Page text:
Personalized Treatment For Your Sports Injury:
ACL Injury Treatments

ACL injury is one of the most common injuries affecting sportspersons. The standard approach to the management of this injury includes reconstruction of the ligament using grafts. This procedure involves the removal of the remnants of the damaged ligament and replacing them with a graft, which serves as a scaffolding that the body can use to create a new ligament.

However, this standard approach needs to evaluated based on several parameters instead of using it as a one-size-fits-all strategy.
Each patient with an ACL injury should be treated with a customised approach and given the best treatment using a single or a combination of a variety of techniques for optimum results and faster recovery.

The customized approach can be determined based on the patient profile, and the type of ligament tear. Here are the different treatment possibilities for ACL injuries that need to be customized for each patient:

What Is An ACL injury?

ACL Injury Treatments

ACL injury refers to an injury or a tear of the anterior cruciate ligament that supports the knee joint. It is one of the 4 major ligaments supporting this major joint.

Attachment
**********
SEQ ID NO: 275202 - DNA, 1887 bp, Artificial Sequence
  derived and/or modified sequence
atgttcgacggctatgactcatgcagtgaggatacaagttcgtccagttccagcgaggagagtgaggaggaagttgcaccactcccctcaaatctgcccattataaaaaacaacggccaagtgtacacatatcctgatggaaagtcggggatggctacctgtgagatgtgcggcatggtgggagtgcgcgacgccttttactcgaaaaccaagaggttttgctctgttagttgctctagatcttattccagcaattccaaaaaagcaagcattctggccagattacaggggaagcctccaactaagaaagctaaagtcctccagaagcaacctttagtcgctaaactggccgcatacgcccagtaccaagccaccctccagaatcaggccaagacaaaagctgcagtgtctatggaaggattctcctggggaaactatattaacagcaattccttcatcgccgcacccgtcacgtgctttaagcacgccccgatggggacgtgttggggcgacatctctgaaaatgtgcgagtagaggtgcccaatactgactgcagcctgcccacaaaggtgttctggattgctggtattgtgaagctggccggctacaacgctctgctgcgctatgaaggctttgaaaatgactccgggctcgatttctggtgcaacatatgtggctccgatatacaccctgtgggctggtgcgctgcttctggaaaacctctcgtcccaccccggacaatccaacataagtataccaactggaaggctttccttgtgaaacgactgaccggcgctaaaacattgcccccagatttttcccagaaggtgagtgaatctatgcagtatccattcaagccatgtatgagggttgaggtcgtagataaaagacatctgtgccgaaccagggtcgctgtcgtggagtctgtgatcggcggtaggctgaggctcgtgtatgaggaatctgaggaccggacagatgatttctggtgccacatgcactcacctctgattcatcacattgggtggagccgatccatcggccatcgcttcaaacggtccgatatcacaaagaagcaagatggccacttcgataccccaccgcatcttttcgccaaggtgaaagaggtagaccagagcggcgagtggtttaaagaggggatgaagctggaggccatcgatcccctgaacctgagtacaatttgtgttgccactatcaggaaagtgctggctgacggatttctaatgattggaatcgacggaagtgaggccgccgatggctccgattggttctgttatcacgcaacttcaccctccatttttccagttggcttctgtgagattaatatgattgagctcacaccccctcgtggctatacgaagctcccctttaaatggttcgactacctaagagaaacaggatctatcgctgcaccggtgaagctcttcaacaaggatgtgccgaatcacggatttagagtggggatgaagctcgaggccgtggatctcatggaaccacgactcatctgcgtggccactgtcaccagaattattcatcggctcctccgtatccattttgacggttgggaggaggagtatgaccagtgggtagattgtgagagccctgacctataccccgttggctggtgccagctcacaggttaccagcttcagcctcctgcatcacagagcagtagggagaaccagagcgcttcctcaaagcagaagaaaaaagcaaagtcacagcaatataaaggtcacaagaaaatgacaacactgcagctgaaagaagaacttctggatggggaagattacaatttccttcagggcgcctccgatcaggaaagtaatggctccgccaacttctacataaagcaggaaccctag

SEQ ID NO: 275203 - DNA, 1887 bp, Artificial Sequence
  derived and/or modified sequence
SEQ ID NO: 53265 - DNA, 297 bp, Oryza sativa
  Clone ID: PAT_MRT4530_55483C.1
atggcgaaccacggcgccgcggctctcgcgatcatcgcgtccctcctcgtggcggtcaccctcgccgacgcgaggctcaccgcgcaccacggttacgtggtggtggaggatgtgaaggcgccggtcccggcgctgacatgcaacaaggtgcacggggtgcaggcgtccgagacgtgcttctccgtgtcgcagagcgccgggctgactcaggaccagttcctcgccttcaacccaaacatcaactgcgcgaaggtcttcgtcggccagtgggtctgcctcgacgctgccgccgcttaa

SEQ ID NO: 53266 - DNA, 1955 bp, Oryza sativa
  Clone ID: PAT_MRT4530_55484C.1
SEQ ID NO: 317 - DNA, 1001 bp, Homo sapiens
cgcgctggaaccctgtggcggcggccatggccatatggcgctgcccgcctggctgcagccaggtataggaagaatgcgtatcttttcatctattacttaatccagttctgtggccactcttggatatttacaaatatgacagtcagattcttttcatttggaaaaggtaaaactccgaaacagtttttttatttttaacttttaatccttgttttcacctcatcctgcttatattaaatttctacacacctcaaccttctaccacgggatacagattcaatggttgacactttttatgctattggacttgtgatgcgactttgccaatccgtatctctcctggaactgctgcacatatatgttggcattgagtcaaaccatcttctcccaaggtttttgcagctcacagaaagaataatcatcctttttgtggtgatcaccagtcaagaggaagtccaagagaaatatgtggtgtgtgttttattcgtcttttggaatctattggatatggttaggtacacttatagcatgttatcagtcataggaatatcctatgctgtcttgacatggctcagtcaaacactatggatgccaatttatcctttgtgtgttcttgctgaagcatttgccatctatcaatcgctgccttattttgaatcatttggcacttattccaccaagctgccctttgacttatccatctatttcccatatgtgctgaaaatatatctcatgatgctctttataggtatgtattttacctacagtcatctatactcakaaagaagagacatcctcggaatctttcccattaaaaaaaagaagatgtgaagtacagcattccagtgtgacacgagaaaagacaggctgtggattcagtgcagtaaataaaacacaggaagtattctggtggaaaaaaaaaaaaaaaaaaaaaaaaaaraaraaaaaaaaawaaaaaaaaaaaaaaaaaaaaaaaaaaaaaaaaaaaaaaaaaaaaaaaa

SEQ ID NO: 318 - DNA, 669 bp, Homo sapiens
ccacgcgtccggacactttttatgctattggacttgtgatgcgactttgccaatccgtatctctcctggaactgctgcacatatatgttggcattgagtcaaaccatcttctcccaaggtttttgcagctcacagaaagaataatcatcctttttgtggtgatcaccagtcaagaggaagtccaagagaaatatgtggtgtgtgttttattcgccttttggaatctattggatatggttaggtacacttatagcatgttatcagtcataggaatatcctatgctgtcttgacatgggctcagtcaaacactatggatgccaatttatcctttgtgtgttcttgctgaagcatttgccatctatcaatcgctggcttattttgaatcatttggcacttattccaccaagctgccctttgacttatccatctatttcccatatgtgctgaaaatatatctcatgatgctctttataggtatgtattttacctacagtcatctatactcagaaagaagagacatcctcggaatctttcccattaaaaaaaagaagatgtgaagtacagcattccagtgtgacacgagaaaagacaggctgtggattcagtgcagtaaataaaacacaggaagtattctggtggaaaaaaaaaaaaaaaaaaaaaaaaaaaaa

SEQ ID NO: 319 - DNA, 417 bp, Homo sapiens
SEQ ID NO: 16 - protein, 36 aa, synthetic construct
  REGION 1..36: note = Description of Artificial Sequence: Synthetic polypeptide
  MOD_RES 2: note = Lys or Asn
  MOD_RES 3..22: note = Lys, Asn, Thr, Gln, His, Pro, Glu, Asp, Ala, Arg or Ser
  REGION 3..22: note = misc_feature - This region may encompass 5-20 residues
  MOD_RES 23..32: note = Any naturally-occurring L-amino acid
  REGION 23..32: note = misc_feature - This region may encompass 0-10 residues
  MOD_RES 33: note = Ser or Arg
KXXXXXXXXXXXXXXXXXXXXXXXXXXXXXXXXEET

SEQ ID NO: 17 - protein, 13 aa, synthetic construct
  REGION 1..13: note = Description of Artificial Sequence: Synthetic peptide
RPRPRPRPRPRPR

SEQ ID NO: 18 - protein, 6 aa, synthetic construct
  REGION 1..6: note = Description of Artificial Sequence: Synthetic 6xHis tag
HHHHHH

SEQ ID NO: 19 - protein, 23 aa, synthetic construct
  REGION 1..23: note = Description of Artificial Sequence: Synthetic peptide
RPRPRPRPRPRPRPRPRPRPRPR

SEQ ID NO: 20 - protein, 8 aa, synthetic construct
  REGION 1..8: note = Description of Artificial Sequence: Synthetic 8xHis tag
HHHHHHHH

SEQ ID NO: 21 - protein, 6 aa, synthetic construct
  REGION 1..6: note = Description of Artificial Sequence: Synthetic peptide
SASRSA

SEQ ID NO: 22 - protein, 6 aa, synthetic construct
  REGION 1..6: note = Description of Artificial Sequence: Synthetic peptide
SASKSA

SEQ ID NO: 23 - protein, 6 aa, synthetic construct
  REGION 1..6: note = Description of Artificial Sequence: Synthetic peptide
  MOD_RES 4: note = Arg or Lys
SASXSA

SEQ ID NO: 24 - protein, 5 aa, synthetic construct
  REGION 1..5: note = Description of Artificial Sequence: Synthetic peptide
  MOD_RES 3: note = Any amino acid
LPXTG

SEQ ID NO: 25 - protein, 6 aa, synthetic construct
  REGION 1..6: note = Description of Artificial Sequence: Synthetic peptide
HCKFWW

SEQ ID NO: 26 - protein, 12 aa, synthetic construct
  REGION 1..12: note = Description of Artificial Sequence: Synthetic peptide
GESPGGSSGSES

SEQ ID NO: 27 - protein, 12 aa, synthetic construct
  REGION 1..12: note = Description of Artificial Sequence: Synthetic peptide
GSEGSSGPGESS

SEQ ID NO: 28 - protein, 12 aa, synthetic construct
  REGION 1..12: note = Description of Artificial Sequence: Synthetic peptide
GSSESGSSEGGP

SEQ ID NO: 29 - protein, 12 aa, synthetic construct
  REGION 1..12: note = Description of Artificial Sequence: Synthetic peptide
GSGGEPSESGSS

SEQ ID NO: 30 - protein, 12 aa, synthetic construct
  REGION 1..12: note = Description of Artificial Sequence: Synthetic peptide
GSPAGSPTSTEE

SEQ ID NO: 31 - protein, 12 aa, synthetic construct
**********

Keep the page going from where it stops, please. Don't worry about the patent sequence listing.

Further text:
The AC ligament runs across the middle part of the knee. It prevents the sliding out of the tibia in front of the femur and provides rotational stability to the knee joint.

The incidence of ACL injuries is higher in the people who participate in sports such as football, basketball, soccer, and skiing. Here are the different approaches based on which the management of an ACL injury can be customized.

Surgical Treatment For An ACL Injury

An ACL injury is usually managed by replacing the torn tissues with a graft. The repair of the ligament with sutures is often avoided as this approach has a lower rate of success. The torn ligament is replaced by a graft made of:

  • Quadriceps tendon autograft
  • Hamstring tendon autograft
  • Patellar tendon autograft
  • Allograft from a cadaver obtained from the Achilles tendon, patellar tendon, semitendinosus, or posterior tibialis tendon

How To Customize Surgical Intervention For ACL Injury?